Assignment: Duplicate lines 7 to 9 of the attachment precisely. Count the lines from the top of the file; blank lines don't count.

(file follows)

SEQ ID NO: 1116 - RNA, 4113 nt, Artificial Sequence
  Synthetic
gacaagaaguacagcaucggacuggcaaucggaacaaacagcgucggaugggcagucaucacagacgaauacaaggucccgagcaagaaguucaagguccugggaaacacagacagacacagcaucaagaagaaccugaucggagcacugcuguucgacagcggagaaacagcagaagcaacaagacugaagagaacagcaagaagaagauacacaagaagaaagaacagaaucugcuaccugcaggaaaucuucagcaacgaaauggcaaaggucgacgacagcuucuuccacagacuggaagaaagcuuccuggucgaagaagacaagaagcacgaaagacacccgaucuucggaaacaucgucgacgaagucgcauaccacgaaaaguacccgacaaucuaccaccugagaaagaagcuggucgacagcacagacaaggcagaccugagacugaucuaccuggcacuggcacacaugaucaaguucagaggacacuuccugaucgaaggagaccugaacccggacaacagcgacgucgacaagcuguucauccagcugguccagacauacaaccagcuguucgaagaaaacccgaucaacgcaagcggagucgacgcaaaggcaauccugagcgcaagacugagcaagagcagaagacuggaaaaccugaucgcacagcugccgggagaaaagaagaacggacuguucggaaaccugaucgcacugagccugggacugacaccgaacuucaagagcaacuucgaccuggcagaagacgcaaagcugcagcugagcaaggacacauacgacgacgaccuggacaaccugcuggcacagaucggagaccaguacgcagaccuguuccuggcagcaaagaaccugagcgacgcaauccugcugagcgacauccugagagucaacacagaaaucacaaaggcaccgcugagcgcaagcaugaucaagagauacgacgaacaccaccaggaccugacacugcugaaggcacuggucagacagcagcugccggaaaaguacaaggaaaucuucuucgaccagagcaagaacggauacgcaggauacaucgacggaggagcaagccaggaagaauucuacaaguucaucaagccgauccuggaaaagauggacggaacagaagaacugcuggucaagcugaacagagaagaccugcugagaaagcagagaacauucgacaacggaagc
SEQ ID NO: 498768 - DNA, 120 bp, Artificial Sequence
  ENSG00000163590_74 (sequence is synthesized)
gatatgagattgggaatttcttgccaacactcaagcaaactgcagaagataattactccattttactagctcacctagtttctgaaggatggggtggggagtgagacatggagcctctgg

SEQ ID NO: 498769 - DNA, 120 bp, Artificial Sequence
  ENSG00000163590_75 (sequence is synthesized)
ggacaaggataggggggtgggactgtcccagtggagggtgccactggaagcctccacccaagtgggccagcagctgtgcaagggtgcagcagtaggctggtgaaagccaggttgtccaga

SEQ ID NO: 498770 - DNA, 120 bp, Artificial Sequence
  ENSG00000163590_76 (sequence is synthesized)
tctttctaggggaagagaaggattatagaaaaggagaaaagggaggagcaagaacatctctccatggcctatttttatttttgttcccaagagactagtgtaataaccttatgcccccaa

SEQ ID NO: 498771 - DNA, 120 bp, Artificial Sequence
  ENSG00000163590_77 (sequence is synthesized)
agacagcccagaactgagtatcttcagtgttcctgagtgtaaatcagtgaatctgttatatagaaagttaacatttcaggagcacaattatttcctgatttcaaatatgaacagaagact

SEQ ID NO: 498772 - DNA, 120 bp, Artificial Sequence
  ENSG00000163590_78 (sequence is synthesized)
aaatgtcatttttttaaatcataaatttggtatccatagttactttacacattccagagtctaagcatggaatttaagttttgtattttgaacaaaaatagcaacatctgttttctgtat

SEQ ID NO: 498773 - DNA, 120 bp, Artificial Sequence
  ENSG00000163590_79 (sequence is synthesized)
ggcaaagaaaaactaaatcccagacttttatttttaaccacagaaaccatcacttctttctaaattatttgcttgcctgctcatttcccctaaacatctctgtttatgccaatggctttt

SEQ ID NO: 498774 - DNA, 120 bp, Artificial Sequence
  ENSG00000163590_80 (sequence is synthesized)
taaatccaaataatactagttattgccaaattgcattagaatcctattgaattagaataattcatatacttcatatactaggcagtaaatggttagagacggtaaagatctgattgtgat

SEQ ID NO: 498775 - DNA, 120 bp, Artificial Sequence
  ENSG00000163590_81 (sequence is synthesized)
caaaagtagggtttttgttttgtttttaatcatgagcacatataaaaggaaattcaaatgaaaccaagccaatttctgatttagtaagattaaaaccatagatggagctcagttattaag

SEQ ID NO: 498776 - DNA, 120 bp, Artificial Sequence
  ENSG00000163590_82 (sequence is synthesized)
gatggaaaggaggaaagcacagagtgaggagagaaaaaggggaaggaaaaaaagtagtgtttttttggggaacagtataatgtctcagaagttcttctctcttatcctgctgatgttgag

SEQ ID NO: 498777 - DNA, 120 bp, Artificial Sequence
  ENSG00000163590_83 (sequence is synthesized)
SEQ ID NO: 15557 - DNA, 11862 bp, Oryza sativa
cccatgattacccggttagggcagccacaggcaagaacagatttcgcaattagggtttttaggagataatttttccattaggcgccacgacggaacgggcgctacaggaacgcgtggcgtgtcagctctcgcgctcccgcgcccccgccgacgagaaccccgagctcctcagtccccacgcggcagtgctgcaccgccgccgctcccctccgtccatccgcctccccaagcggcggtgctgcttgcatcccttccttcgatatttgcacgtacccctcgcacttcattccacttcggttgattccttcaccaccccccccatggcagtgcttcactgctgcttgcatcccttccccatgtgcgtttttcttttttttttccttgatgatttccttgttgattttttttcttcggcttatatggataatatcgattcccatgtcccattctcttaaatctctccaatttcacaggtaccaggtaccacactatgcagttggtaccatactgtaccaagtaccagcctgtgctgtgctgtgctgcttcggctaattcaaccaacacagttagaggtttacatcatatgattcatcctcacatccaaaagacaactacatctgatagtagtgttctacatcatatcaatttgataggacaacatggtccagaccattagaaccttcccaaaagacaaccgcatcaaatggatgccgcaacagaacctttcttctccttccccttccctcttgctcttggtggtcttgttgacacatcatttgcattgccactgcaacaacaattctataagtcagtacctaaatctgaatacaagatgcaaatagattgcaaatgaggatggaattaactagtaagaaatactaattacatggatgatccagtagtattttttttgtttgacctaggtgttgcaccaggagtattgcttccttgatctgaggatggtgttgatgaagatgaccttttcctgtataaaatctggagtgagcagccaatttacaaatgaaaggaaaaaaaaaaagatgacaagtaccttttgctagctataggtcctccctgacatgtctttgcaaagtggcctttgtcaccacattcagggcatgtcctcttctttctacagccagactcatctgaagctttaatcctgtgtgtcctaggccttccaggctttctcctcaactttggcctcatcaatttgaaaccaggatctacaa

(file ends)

SEQ ID NO: 498769 - DNA, 120 bp, Artificial Sequence
  ENSG00000163590_75 (sequence is synthesized)
ggacaaggataggggggtgggactgtcccagtggagggtgccactggaagcctccacccaagtgggccagcagctgtgcaagggtgcagcagtaggctggtgaaagccaggttgtccaga